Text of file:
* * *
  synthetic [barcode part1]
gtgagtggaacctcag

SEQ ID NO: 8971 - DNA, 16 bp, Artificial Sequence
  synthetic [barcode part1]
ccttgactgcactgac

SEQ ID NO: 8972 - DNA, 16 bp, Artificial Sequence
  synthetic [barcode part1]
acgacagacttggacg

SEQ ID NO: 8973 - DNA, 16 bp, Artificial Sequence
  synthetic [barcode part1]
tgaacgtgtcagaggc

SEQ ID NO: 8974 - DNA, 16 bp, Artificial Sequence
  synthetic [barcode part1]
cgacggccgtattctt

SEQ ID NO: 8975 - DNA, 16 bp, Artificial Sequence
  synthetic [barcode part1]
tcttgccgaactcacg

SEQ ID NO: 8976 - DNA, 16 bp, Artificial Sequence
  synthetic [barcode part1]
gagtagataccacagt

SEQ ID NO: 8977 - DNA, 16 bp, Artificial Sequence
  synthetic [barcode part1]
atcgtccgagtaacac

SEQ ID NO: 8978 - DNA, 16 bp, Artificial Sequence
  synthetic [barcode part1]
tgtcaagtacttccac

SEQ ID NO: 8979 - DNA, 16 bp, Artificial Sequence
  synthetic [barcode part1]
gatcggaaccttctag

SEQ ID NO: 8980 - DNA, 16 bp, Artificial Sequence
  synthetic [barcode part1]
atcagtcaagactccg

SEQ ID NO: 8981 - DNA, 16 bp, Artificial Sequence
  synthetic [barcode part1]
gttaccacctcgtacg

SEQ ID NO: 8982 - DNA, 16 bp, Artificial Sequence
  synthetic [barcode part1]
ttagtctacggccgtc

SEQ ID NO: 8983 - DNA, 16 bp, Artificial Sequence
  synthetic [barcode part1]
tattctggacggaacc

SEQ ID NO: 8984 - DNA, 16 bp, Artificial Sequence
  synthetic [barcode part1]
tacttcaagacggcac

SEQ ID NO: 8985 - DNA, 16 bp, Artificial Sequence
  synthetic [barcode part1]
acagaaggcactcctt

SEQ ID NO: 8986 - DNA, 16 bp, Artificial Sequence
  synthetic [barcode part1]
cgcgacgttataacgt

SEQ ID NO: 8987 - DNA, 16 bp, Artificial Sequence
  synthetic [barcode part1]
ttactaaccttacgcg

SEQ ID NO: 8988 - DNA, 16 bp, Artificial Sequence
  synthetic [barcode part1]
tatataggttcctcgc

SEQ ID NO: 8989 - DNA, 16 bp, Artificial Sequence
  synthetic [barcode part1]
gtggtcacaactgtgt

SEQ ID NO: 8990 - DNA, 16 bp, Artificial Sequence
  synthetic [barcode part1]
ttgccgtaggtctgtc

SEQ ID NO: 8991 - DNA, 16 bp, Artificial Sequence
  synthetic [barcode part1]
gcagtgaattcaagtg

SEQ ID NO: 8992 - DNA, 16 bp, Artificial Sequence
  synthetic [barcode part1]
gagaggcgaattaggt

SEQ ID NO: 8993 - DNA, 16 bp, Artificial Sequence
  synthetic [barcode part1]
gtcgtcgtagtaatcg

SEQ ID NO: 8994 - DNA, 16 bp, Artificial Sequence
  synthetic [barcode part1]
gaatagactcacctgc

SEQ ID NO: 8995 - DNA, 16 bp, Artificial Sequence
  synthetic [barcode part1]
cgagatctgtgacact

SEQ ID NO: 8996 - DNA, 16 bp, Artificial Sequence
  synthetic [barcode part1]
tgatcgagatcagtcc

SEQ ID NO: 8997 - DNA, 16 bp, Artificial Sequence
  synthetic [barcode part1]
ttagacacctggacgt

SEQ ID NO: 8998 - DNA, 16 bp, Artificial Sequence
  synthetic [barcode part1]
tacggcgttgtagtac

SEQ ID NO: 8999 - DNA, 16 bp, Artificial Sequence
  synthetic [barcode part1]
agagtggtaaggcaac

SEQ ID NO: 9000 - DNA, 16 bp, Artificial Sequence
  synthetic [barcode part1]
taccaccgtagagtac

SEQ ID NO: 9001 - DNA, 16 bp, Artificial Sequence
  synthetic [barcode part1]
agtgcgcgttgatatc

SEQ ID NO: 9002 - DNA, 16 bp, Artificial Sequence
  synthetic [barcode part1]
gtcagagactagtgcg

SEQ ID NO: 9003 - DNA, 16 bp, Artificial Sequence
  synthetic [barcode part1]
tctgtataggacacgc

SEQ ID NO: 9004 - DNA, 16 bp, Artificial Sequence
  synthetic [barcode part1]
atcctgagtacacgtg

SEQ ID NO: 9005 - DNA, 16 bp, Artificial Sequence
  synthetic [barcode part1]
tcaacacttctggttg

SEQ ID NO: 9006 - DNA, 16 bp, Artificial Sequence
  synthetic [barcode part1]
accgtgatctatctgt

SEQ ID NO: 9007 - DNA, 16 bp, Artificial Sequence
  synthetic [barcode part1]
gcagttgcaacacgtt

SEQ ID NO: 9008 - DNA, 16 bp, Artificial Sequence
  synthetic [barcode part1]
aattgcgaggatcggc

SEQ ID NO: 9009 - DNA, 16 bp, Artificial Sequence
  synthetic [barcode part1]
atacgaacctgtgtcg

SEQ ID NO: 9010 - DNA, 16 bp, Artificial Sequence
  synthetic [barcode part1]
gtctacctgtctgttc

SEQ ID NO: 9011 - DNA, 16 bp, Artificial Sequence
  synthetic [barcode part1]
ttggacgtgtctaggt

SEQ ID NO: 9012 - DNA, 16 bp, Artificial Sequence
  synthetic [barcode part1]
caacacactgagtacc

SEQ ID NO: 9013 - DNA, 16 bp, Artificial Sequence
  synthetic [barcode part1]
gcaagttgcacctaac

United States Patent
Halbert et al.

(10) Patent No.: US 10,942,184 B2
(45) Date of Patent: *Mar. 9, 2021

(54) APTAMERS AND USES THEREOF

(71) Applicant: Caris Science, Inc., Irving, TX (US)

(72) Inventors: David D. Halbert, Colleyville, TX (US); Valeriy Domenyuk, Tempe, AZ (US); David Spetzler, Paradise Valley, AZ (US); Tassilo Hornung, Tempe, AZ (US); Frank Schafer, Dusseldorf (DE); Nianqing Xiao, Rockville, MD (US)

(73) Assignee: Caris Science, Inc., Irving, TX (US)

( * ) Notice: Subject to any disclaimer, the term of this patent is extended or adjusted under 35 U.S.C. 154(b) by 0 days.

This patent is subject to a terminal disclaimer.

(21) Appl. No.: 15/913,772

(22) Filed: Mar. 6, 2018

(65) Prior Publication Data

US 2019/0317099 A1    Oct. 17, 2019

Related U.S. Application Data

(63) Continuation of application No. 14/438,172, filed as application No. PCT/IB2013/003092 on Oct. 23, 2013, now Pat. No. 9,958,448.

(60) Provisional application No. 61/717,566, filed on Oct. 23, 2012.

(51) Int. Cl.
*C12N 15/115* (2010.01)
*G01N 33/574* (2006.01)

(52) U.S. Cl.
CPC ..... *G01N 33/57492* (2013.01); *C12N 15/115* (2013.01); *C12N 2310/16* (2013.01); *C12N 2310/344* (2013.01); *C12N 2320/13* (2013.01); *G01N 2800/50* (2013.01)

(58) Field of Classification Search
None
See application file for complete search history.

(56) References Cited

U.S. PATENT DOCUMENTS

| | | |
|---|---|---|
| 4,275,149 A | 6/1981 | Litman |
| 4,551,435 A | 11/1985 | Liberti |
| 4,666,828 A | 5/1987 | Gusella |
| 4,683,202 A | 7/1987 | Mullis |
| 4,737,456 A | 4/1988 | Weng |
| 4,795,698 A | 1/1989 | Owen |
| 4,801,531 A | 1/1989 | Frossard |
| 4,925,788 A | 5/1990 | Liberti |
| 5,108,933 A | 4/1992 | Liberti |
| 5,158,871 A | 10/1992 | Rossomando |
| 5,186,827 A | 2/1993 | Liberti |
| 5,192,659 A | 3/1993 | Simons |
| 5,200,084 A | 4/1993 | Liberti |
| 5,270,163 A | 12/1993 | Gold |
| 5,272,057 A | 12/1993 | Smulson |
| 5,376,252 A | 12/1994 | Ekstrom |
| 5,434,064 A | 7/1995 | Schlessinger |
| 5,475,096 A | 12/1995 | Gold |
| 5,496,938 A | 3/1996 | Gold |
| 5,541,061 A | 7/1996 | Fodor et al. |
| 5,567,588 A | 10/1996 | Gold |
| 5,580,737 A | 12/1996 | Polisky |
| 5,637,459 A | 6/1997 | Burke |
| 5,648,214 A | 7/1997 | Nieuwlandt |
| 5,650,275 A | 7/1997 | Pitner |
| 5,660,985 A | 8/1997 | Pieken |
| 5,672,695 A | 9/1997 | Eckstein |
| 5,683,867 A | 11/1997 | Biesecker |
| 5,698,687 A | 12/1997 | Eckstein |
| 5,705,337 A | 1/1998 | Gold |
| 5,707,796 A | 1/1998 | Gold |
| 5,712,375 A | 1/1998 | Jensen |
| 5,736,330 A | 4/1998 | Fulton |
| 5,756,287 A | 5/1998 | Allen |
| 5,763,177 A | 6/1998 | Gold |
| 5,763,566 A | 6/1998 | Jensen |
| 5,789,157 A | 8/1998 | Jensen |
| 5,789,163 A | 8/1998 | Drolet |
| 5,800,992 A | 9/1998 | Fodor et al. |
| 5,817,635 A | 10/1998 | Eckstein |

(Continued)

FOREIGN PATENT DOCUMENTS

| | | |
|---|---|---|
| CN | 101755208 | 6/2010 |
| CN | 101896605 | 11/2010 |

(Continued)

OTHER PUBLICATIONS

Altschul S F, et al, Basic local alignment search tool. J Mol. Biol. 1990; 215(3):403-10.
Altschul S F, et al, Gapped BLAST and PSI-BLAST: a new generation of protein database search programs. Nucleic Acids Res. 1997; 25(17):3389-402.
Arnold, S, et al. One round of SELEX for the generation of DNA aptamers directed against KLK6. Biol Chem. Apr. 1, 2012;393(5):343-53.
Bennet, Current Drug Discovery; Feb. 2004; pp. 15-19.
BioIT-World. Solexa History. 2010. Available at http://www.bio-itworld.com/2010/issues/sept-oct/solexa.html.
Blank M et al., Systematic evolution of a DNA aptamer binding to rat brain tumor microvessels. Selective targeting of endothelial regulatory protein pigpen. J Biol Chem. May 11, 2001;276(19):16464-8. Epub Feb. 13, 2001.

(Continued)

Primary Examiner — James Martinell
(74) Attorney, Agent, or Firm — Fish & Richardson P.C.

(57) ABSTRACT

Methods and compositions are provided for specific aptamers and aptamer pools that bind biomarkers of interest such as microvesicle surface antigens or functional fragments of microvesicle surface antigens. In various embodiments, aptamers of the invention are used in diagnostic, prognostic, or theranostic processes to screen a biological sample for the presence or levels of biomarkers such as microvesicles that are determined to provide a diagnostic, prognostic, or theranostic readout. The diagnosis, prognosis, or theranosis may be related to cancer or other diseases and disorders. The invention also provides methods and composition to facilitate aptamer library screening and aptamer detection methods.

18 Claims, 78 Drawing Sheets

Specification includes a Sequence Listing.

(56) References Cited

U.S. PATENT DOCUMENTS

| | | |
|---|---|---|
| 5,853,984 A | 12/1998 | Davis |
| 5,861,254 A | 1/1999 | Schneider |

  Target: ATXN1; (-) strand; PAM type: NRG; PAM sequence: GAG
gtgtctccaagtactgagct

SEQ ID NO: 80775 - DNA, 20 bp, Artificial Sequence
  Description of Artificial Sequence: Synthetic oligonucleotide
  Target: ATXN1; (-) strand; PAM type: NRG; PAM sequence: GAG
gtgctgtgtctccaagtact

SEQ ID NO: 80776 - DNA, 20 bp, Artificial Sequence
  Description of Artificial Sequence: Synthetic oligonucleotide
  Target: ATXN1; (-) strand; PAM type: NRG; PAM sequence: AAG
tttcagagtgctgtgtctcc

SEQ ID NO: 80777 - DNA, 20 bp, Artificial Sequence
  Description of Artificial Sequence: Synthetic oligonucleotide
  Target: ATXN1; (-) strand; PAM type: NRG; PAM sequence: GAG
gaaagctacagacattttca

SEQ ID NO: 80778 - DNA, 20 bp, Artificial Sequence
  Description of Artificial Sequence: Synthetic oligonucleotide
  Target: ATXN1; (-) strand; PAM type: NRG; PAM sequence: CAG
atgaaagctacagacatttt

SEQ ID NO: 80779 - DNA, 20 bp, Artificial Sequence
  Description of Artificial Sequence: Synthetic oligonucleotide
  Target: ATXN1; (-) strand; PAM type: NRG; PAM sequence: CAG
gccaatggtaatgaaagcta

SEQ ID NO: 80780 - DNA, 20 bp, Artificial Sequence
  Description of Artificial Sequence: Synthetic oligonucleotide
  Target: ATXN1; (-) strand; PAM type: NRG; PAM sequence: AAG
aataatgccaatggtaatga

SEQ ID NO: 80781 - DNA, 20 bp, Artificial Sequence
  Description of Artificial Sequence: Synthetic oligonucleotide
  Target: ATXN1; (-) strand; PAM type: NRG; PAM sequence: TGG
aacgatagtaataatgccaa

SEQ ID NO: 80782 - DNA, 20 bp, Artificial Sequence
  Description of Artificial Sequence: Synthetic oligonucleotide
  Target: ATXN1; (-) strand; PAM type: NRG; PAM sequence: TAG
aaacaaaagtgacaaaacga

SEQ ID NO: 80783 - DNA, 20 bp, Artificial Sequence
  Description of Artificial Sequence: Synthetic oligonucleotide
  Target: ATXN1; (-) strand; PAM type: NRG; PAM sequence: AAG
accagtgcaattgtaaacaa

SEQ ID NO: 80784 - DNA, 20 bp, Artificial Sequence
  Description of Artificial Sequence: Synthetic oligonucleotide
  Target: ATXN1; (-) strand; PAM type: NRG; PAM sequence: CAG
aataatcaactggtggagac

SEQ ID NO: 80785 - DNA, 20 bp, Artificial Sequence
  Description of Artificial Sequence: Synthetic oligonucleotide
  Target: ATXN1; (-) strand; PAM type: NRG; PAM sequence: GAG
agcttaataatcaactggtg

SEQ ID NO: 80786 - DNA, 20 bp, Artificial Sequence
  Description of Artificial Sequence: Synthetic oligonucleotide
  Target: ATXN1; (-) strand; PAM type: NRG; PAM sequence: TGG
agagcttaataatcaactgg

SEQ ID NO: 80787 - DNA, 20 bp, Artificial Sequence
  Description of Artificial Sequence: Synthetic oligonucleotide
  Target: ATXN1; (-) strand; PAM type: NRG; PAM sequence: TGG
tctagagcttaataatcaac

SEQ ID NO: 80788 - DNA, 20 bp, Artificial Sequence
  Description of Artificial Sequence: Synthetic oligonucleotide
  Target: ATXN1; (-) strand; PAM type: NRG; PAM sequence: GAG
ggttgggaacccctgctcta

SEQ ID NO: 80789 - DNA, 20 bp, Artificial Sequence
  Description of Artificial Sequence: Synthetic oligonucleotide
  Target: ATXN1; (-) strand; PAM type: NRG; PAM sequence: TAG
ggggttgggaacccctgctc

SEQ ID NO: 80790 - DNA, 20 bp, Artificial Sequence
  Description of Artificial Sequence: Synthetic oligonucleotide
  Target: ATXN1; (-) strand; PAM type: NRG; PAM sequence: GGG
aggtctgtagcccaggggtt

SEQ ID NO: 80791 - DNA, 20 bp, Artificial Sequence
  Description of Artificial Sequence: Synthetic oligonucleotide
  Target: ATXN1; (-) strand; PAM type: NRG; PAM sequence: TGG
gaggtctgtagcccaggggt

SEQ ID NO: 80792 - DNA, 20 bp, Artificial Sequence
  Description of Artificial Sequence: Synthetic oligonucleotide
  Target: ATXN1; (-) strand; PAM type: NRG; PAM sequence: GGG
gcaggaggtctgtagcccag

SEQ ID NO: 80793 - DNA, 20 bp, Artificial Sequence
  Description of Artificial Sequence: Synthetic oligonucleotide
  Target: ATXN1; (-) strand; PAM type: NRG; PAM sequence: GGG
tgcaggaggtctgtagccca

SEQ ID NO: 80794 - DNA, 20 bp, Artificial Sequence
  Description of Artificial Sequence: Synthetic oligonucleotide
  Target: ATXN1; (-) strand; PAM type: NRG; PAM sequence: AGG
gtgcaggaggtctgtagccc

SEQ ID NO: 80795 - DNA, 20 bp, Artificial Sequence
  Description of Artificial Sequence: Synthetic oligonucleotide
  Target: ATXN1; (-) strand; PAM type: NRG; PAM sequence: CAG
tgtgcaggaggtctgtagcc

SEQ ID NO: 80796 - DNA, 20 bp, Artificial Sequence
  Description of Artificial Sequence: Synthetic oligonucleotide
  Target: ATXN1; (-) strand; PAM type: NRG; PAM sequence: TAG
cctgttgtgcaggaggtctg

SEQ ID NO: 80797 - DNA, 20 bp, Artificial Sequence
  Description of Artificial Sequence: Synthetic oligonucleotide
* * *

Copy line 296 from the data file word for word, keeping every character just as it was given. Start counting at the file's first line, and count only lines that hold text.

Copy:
  Target: ATXN1; (-) strand; PAM type: NRG; PAM sequence: TGG